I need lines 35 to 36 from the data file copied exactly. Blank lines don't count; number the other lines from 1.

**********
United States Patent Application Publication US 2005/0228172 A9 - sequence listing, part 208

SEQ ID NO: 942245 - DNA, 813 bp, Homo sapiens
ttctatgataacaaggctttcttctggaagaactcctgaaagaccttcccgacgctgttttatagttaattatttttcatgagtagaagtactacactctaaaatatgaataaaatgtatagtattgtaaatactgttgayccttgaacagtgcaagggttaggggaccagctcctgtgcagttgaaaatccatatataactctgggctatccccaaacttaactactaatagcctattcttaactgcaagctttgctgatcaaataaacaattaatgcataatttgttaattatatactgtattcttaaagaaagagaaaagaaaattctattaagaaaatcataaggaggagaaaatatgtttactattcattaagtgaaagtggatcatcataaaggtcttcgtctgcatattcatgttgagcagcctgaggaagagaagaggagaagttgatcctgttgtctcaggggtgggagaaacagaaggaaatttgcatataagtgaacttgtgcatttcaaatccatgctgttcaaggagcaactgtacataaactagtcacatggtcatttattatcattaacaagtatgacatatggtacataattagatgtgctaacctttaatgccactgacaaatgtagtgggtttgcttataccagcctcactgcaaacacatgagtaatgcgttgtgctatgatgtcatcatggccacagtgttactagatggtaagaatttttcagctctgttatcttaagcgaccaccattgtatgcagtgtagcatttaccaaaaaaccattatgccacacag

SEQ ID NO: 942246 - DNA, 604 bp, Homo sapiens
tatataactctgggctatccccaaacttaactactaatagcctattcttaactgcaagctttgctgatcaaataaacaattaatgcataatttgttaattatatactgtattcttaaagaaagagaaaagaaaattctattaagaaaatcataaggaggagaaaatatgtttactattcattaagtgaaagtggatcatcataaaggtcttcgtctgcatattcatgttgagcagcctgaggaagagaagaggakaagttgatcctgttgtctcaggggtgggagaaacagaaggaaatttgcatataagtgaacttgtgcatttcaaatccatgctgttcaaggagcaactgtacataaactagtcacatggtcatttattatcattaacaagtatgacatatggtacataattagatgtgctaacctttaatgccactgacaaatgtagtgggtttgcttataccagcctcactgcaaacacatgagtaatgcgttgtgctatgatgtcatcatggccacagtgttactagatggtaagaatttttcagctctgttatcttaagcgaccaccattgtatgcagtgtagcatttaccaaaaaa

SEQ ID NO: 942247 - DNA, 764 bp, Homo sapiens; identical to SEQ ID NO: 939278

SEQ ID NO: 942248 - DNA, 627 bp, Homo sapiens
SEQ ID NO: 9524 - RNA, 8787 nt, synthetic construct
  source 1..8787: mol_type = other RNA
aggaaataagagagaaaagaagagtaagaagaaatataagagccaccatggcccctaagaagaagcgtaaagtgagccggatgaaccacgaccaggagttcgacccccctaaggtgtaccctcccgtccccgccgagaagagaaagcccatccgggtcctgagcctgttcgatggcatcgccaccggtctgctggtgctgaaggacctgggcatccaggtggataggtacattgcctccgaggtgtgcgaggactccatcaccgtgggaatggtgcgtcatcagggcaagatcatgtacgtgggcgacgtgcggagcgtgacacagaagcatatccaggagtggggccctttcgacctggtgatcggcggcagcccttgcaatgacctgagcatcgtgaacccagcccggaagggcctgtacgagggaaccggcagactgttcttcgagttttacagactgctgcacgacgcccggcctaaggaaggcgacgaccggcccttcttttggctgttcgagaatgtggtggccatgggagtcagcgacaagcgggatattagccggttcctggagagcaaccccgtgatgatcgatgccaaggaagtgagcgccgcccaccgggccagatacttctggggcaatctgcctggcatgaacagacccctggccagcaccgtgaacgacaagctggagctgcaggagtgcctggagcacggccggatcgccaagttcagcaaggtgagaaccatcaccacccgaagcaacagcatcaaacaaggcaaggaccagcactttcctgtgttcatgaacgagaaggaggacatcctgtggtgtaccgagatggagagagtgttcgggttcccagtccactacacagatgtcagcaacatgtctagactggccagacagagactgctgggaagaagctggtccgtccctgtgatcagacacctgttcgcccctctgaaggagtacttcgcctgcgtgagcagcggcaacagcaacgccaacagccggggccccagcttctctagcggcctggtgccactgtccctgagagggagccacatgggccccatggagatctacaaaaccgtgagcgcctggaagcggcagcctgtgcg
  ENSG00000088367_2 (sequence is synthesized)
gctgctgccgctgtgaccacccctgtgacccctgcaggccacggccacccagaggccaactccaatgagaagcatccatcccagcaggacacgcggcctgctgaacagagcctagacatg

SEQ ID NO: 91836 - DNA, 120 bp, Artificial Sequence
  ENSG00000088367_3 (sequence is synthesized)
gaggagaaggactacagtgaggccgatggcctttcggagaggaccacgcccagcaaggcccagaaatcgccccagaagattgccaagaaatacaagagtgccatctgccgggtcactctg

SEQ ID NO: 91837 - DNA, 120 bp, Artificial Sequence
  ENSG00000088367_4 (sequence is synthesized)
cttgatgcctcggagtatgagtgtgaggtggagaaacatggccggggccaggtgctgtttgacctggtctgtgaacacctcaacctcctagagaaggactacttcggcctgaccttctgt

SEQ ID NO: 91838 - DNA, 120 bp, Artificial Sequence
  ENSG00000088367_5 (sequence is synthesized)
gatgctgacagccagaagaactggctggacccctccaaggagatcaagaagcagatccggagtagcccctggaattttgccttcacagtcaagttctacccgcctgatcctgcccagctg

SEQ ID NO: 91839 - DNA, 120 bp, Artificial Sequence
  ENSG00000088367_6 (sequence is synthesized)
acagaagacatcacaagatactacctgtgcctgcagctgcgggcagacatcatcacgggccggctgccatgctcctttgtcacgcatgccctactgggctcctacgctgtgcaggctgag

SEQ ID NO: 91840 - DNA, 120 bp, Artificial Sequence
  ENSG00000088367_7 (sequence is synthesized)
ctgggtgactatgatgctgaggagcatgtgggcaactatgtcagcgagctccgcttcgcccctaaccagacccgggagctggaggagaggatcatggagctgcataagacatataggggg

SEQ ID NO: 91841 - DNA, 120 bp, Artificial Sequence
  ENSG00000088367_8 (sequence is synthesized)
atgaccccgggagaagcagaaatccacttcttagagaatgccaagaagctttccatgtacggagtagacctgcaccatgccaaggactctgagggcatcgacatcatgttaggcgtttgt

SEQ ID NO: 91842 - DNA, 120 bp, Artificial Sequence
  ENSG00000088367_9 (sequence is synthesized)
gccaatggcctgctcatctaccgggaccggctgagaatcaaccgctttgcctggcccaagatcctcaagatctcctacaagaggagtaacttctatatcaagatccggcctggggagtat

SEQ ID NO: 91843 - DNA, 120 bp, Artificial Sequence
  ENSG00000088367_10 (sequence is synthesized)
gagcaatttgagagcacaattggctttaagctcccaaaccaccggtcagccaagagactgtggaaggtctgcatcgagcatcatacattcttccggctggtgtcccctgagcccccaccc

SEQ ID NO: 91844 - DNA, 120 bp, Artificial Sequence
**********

  ENSG00000088367_10 (sequence is synthesized)
gagcaatttgagagcacaattggctttaagctcccaaaccaccggtcagccaagagactgtggaaggtctgcatcgagcatcatacattcttccggctggtgtcccctgagcccccaccc